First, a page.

Forbes: March and April 2017

Hi all! If you’re new to this blog / my Twitter account, you might not know that I write about the science of cities for Forbes, usually 3-5 stories each month. Below, you’ll find summaries and links to each of my stories published in March and April 2017, but you can also view my entire portfolio here. MARCH A Volcano Erupts In Auckland…. In...


By Piet Spaans Viridiflavus (Own work) [CC BY-SA 2.5 (http://creativecommons.org/licenses/by-sa/2.5)], via Wikimedia Commons

Inspired by fish: Designing a high-performance, flexible armour

A group of Canadian researchers have investigated the optimal design for lightweight armour, using 3D printing and mechanical testing If asked to suggest animals that use armour to protect their soft, squishy innards, you might think of the quills of a porcupine, the thick hide of a rhino, or the hard shell of a tortoise. But there is another class of natural...


Women are literally boring.....

Tunnels, that is. Back in August, I met Catherine, co-founder of a new and utterly brilliant blog called ‘Women Are Boring‘, which shares fascinating research by women from all over the world. She wanted to interview me about my book just before my Dublin launch (you can read the interview here), and I’ve been a regular reader of the blog ever...


Forbes: January and February 2017

Right, (long overdue) Forbes update time! Below are intros and links to each of the stories I wrote for Forbes in January and February 2017. They’re a rather eclectic bunch, so I hope everyone will be able to find something in here especially for them! JANUARY 2017 Reading The Road: How Will Driverless Cars Talk To Pedestrians? It’s amazing how many...


Making capacitors and capturing carbon dioxide… using Coca Cola®

An international consortium are using the world’s most popular soft drink to produce a host of carbon-based storage materials With 1.9 billion servings sold per day worldwide, Coca Cola® is the most popular soft drink on the planet. But a consortium, led by scientists at Curtin University in Australia, haven’t been using their stockpile to quench their...


Forbes: Cities Are Running Out Of Freshwater. Here’s How Science Can Help

Hi everyone! In the last few weeks, I’ve had several comments from people who are growing increasingly frustrated by the autoplay-ads on the Forbes website, and so haven’t read my latest articles. Without exception, they’ve asked me why I don’t just post all of my stories on here instead. The truth is that (as I’ve mentioned in...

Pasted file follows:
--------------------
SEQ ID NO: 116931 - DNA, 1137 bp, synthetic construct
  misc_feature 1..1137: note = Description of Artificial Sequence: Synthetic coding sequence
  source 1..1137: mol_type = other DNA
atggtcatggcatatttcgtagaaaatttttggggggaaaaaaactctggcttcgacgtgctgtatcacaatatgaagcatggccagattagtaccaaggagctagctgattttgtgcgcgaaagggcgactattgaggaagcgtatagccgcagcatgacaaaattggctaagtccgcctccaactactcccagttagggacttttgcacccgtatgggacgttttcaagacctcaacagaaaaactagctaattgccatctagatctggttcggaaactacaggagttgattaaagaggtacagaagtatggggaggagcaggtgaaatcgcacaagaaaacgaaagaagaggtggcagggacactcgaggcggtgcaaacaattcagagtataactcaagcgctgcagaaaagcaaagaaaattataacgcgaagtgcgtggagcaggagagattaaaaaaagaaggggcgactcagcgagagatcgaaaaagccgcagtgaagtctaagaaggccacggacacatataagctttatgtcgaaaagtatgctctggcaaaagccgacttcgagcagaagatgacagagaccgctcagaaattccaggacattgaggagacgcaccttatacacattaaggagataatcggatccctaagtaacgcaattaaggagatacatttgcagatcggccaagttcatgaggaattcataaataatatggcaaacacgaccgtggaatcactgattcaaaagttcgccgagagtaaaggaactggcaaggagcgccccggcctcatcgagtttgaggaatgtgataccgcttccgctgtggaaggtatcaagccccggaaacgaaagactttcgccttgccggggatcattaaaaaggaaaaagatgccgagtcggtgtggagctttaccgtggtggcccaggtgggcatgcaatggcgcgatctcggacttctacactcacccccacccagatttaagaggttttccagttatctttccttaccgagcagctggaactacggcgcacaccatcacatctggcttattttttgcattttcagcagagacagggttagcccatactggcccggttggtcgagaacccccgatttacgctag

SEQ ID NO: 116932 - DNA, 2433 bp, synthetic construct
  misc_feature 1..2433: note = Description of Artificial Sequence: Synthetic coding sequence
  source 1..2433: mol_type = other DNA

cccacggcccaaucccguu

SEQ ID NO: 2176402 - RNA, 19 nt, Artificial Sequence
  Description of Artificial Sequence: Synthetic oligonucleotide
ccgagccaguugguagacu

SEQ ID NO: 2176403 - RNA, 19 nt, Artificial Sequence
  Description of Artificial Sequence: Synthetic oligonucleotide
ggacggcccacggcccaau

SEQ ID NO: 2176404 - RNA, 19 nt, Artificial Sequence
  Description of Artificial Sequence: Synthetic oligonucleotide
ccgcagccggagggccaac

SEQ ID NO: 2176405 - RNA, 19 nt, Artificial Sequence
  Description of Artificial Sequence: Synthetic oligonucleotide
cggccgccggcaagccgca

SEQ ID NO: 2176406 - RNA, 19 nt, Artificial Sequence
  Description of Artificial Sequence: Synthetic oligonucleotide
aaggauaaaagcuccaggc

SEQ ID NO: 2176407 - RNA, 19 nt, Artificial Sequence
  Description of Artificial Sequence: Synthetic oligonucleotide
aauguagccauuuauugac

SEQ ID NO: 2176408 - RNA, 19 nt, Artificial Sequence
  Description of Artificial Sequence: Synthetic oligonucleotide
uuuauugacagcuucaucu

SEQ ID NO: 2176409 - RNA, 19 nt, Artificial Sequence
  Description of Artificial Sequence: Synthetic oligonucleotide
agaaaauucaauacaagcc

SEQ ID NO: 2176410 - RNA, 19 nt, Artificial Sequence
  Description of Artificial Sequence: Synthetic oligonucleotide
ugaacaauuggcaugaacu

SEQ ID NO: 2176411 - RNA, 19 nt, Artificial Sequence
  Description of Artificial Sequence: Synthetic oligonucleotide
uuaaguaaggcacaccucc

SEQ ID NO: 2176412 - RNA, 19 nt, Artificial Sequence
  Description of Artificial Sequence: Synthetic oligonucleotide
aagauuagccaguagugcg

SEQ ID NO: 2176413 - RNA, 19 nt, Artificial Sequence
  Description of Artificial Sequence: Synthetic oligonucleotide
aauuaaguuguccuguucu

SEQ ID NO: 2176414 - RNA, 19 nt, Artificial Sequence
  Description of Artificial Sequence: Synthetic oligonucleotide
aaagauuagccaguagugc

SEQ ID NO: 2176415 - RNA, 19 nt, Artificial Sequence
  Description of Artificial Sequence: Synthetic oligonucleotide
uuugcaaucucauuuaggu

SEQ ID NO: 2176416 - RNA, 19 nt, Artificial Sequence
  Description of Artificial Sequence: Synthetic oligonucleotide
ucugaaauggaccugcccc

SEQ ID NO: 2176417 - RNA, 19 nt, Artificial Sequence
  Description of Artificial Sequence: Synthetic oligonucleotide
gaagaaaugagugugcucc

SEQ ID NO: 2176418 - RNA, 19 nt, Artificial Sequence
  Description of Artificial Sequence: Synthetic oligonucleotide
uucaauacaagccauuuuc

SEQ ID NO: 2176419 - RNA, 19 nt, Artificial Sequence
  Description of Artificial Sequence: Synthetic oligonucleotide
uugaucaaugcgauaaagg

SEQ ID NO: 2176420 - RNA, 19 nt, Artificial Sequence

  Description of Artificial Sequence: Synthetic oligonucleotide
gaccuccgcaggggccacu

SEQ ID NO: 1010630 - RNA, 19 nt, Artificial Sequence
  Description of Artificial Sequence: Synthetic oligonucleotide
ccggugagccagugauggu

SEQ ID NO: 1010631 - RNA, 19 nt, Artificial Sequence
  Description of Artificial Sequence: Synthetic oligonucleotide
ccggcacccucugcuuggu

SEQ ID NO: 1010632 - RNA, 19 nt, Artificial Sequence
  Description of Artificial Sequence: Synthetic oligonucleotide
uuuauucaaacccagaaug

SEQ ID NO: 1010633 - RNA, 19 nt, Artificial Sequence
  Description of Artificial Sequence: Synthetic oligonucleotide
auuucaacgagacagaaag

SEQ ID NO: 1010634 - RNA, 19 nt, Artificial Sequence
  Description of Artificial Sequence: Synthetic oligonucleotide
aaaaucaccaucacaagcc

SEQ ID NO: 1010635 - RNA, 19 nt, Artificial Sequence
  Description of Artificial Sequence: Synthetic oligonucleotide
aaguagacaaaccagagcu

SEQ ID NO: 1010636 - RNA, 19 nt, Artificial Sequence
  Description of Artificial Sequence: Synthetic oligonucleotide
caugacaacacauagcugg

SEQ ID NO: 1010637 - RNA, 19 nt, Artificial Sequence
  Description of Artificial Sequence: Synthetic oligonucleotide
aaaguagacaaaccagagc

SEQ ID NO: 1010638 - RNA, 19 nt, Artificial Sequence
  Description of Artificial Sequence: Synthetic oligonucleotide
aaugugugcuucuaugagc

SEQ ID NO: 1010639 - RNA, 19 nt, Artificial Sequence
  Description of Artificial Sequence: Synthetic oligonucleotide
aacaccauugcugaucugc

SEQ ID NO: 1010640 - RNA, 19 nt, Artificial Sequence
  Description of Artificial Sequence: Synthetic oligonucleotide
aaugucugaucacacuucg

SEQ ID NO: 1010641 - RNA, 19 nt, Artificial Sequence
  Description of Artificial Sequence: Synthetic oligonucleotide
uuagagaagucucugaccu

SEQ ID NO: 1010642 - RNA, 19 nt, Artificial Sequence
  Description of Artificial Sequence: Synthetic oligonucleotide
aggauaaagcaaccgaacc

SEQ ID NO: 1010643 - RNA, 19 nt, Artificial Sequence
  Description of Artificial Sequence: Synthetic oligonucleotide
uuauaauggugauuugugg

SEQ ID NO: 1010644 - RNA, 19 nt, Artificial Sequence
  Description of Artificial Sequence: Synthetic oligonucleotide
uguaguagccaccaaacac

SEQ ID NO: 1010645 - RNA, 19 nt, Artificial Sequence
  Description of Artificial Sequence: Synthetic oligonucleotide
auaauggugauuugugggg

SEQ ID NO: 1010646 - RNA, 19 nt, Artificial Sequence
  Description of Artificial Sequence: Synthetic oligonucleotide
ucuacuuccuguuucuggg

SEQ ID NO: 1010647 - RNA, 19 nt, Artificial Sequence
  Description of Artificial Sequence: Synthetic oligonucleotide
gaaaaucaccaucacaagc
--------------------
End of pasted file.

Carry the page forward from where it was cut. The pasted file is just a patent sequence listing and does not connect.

Biocompatible energy storage device that runs on body fluids

Korean researchers have developed an implantable supercapacitor that could be used to power future medical devices Implantable devices aren’t new – pacemakers, which use electrical impulses to regulate the beating of a heart – have improved the quality of life for millions of people since the 1960s. But they can be rejected by a patient’s immune system,...


Working Down Under

Sorry it’s been a while since I’ve blogged – things have been rather busy since we arrived in New Zealand. I’ll post an update on general life stuff soon, but I thought you guys were especially overdue an update on all things work-related! As you might remember from this post, one of the things I’d hoped would happen in NZ was that...


Turning digestive gases into carbon nanomaterials

French researchers say that a mix of carbon dioxide and methane could be the perfect feedstock for high quality carbon nanomaterials. These days, graphene seems to make most carbon news headlines, but there’s another carbon nanomaterial that’s long had a role in industry, but it’s not often discussed. Carbon black is mainly seen as a reinforcing filler for...


Are we a step closer to 3D printed carbon nanotube composites?

Electrically conductive CNT-composites could be produced using standard commercial 3D printers, according to Italian researchers. In the past five years, additive manufacturing (AM) has gone from a tool used exclusively in industry for rapid prototyping, to a new, widepsread approach to developing high-value products. The automotive, aerospace and architecture...